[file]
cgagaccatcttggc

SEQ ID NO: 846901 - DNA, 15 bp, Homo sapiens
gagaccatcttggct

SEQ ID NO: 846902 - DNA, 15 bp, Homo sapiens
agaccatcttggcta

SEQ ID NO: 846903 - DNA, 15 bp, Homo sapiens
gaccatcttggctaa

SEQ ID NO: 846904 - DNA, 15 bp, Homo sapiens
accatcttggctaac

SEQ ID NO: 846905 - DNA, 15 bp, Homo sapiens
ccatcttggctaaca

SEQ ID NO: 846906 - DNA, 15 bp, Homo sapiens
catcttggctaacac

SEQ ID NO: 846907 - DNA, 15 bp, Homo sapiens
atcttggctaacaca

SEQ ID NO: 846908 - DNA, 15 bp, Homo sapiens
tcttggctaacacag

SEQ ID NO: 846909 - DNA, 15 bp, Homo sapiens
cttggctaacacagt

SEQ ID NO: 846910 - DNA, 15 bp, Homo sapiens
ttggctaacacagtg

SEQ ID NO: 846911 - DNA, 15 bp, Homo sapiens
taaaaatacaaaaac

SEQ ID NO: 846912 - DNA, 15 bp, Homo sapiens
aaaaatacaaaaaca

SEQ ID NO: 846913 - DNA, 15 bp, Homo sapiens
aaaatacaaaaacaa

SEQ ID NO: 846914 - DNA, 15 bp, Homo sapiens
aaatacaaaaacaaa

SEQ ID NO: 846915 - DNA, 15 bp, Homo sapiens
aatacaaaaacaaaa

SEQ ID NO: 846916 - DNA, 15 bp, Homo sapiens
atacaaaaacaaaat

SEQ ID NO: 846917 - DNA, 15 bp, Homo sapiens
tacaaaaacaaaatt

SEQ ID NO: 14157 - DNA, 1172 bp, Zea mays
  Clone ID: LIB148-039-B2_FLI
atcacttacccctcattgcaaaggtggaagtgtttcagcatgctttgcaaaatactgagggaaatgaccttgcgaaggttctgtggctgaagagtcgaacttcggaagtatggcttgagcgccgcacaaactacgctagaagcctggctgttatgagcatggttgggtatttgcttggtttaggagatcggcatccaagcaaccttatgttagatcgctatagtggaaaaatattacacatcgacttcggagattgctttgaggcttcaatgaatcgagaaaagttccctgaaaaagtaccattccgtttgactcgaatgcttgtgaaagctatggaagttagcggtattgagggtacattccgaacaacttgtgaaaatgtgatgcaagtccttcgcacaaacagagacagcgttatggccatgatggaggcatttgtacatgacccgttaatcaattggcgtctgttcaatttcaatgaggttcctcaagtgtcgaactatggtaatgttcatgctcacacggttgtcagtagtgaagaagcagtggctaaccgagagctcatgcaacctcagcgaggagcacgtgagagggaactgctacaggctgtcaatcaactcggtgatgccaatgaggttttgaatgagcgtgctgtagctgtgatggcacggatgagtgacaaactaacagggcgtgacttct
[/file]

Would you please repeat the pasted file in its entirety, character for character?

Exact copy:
cgagaccatcttggc

SEQ ID NO: 846901 - DNA, 15 bp, Homo sapiens
gagaccatcttggct

SEQ ID NO: 846902 - DNA, 15 bp, Homo sapiens
agaccatcttggcta

SEQ ID NO: 846903 - DNA, 15 bp, Homo sapiens
gaccatcttggctaa

SEQ ID NO: 846904 - DNA, 15 bp, Homo sapiens
accatcttggctaac

SEQ ID NO: 846905 - DNA, 15 bp, Homo sapiens
ccatcttggctaaca

SEQ ID NO: 846906 - DNA, 15 bp, Homo sapiens
catcttggctaacac

SEQ ID NO: 846907 - DNA, 15 bp, Homo sapiens
atcttggctaacaca

SEQ ID NO: 846908 - DNA, 15 bp, Homo sapiens
tcttggctaacacag

SEQ ID NO: 846909 - DNA, 15 bp, Homo sapiens
cttggctaacacagt

SEQ ID NO: 846910 - DNA, 15 bp, Homo sapiens
ttggctaacacagtg

SEQ ID NO: 846911 - DNA, 15 bp, Homo sapiens
taaaaatacaaaaac

SEQ ID NO: 846912 - DNA, 15 bp, Homo sapiens
aaaaatacaaaaaca

SEQ ID NO: 846913 - DNA, 15 bp, Homo sapiens
aaaatacaaaaacaa

SEQ ID NO: 846914 - DNA, 15 bp, Homo sapiens
aaatacaaaaacaaa

SEQ ID NO: 846915 - DNA, 15 bp, Homo sapiens
aatacaaaaacaaaa

SEQ ID NO: 846916 - DNA, 15 bp, Homo sapiens
atacaaaaacaaaat

SEQ ID NO: 846917 - DNA, 15 bp, Homo sapiens
tacaaaaacaaaatt

SEQ ID NO: 14157 - DNA, 1172 bp, Zea mays
  Clone ID: LIB148-039-B2_FLI
atcacttacccctcattgcaaaggtggaagtgtttcagcatgctttgcaaaatactgagggaaatgaccttgcgaaggttctgtggctgaagagtcgaacttcggaagtatggcttgagcgccgcacaaactacgctagaagcctggctgttatgagcatggttgggtatttgcttggtttaggagatcggcatccaagcaaccttatgttagatcgctatagtggaaaaatattacacatcgacttcggagattgctttgaggcttcaatgaatcgagaaaagttccctgaaaaagtaccattccgtttgactcgaatgcttgtgaaagctatggaagttagcggtattgagggtacattccgaacaacttgtgaaaatgtgatgcaagtccttcgcacaaacagagacagcgttatggccatgatggaggcatttgtacatgacccgttaatcaattggcgtctgttcaatttcaatgaggttcctcaagtgtcgaactatggtaatgttcatgctcacacggttgtcagtagtgaagaagcagtggctaaccgagagctcatgcaacctcagcgaggagcacgtgagagggaactgctacaggctgtcaatcaactcggtgatgccaatgaggttttgaatgagcgtgctgtagctgtgatggcacggatgagtgacaaactaacagggcgtgacttct